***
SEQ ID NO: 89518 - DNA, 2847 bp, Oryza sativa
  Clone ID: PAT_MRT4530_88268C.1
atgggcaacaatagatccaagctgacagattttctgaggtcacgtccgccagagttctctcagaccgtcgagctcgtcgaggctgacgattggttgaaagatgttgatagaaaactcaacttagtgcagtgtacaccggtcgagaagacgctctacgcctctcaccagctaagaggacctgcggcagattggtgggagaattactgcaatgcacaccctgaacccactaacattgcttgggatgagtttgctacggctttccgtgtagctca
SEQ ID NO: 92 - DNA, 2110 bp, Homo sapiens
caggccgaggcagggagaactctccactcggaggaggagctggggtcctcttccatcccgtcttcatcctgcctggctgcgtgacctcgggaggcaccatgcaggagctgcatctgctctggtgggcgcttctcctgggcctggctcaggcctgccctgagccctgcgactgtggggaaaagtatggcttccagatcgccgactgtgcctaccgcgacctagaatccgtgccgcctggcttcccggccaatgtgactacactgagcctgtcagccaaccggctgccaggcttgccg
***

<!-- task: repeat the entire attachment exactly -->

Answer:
SEQ ID NO: 89518 - DNA, 2847 bp, Oryza sativa
  Clone ID: PAT_MRT4530_88268C.1
atgggcaacaatagatccaagctgacagattttctgaggtcacgtccgccagagttctctcagaccgtcgagctcgtcgaggctgacgattggttgaaagatgttgatagaaaactcaacttagtgcagtgtacaccggtcgagaagacgctctacgcctctcaccagctaagaggacctgcggcagattggtgggagaattactgcaatgcacaccctgaacccactaacattgcttgggatgagtttgctacggctttccgtgtagctca
SEQ ID NO: 92 - DNA, 2110 bp, Homo sapiens
caggccgaggcagggagaactctccactcggaggaggagctggggtcctcttccatcccgtcttcatcctgcctggctgcgtgacctcgggaggcaccatgcaggagctgcatctgctctggtgggcgcttctcctgggcctggctcaggcctgccctgagccctgcgactgtggggaaaagtatggcttccagatcgccgactgtgcctaccgcgacctagaatccgtgccgcctggcttcccggccaatgtgactacactgagcctgtcagccaaccggctgccaggcttgccg